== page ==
Gwenda is the bit of fresh air that actually brings to the difference between the prequel and the sequel. She is a low born woman with a troublesome family. Her father, a most prominent impostor, barely manages to feed his family and from an early age forces Gwenda to steal. At one point he even sells her as a prostitute for a cow (I know, FOR A COW!). Seeing that she cannot get help from her mother or father, Gwenda becomes the most independent and admirable character in the novel. Her desperate love for Wulfric, who in turn longs for the stupid but beautiful Annette, shapes her life and gives her strength to fight both for Wulfric and herself. A clash against Ralph unfortunately marks a life of uncertainty and violence. Nevertheless, Gwenda is keen and observant and only her strength of will and sharpness of mind keep Wulfric and herself alive and fed.

What World Without End lacks is the strong figure of the prior of Kingsbridge. Instead the priory and the town are run by Prior Anthony, Caris’s ambitious but unscrupulous and shortsighted cousin. When the bridge that connects the town to the rest of the county collapses, Merthin is set on an ambitious project to build a stone bridge and correct any mistakes made by previous builders. Similarly to Tom and later Jack, Merthin is faced with backwardness, intrigues, and cruelty.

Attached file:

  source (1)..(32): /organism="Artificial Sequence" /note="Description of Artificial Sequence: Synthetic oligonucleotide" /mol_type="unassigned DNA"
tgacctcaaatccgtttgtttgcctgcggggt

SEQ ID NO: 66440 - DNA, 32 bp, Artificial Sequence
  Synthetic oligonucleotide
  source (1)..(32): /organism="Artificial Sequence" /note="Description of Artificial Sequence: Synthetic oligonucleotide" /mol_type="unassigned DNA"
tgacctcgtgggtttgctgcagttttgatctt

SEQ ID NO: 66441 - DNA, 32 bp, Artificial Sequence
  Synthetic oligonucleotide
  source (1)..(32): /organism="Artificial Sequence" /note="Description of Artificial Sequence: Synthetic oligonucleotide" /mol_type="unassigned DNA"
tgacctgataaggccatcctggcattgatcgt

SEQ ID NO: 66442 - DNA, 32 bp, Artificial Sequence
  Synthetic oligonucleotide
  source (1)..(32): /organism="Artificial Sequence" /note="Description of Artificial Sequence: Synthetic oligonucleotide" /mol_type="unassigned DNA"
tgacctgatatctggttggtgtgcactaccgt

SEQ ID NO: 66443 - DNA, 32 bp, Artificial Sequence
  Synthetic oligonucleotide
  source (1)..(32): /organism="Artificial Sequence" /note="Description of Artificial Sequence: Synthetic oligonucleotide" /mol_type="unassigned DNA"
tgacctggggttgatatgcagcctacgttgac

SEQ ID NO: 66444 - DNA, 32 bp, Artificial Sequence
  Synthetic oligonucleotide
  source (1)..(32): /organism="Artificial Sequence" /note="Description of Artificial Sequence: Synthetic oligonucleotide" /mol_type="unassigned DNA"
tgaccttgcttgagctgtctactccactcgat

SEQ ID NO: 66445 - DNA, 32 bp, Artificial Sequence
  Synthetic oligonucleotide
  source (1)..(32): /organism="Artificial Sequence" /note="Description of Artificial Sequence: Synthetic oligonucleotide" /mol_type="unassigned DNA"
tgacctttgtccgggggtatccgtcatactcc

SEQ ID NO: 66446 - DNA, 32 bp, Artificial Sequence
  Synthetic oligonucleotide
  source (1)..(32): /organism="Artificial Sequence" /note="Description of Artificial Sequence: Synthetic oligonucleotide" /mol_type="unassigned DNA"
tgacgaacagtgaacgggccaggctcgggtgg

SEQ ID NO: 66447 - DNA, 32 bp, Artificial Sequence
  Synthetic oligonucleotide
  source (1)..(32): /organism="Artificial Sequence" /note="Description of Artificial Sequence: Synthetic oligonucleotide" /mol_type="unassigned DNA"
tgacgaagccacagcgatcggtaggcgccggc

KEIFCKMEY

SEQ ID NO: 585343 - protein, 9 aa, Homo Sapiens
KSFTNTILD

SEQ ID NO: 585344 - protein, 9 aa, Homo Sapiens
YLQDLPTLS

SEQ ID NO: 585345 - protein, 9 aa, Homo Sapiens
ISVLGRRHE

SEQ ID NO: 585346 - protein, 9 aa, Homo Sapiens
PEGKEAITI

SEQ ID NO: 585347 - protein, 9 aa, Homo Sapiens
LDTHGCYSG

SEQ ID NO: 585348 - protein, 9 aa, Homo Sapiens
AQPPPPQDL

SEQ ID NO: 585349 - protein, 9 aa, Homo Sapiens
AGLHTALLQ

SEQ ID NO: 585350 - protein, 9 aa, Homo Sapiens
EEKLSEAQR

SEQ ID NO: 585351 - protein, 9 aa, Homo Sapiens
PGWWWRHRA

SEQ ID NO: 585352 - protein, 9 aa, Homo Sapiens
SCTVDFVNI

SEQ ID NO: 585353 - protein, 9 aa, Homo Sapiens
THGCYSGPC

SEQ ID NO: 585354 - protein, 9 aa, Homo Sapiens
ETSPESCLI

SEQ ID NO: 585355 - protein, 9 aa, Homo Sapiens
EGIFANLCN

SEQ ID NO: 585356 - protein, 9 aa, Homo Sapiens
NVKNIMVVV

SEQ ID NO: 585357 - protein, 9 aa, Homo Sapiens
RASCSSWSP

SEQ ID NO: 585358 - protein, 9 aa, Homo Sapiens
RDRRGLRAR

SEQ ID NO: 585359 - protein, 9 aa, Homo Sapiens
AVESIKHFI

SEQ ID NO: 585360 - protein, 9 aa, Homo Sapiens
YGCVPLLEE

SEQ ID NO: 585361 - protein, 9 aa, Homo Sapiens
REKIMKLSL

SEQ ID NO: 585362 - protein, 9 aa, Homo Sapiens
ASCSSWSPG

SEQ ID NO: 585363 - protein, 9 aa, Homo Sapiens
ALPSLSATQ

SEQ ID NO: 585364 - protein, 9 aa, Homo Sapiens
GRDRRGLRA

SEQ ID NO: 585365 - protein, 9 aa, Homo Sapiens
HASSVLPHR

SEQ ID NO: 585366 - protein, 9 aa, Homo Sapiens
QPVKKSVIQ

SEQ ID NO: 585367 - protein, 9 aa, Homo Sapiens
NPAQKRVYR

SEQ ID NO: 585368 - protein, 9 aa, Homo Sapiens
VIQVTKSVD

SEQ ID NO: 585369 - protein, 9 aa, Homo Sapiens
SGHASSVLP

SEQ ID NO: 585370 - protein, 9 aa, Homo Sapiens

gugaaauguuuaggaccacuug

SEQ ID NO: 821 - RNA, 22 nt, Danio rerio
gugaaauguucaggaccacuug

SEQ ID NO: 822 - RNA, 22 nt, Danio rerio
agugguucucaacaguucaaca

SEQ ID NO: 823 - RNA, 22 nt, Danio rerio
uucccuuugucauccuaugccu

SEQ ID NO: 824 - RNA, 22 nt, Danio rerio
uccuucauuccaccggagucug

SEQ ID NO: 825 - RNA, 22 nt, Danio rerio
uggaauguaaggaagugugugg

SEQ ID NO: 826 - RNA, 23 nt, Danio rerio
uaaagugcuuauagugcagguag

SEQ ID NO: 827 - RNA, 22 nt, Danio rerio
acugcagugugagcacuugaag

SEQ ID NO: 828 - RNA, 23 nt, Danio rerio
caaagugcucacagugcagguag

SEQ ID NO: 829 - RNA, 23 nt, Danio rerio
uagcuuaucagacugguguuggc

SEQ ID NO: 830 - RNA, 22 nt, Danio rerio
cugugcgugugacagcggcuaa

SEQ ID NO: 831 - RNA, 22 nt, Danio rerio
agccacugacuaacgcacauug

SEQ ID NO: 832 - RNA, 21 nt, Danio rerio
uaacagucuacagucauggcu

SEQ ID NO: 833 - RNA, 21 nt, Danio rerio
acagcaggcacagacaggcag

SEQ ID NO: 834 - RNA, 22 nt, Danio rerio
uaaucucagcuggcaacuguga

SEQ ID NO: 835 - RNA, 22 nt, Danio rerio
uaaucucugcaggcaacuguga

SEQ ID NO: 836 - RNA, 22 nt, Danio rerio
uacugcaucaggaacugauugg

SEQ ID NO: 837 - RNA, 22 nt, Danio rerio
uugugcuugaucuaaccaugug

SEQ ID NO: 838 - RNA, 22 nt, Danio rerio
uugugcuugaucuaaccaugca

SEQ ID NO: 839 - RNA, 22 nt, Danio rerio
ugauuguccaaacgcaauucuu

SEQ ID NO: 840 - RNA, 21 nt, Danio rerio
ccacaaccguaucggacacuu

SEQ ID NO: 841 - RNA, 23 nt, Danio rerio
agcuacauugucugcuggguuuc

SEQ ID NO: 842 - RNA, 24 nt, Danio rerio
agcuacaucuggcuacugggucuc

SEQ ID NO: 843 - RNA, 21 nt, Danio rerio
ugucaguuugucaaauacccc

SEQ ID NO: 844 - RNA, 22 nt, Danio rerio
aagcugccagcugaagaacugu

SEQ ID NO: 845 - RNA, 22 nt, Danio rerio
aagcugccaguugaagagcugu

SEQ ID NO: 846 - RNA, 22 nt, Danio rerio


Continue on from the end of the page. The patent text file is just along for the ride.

The drama of the English-French war is exacerbated by another, more evasive enemy. The plague comes to Europe, to the UK, and to Kingsbridge itself. People are starting to doubt the ultimate power of the clergy and its prayers to cure a disease that seems out of reach. Caris, now a prominent leader of the town, attempts to wipe out widespread prejudice towards medicine and to educate people on the importance of isolating the sick and preventing the further spread of the plague. Herself and Merthin appear to be the white knights of the story, fighting at any point of time corrupted clergy, violent men-at-arms, and conservative townsmen. Their love story passes through ups and downs, with Caris being sentenced to death and Merthin travelling back and forth. Again, it quite resembles Jack and Aliena’s.

Ken Follett has rich imagination and is a fascinating and engaging storyteller. He knows the human soul and he has an eye for what constitutes a good story and a good conflict. However, he is a bit too much in World Without End. The novel could have easily been 200-300 pages shorter without that altering its quality. In fact, it would have increased it significantly. In addition, the resemblance with The Pillars of the Earth is annoying at points. I guess if you don’t read them one after the other, you might not find that so disturbing, but if you do (like me), you will feel you are reading the same book over again.

I am looking forward to the second part of his 20th century trilogy, Winter of the World (first one: Fall of Giants) and I sincerely hope he doesn’t make the same mistake as with The Pillars of the Earth. However, nearly 2,500 pages with Ken Follet later, I definitely need a long break from him.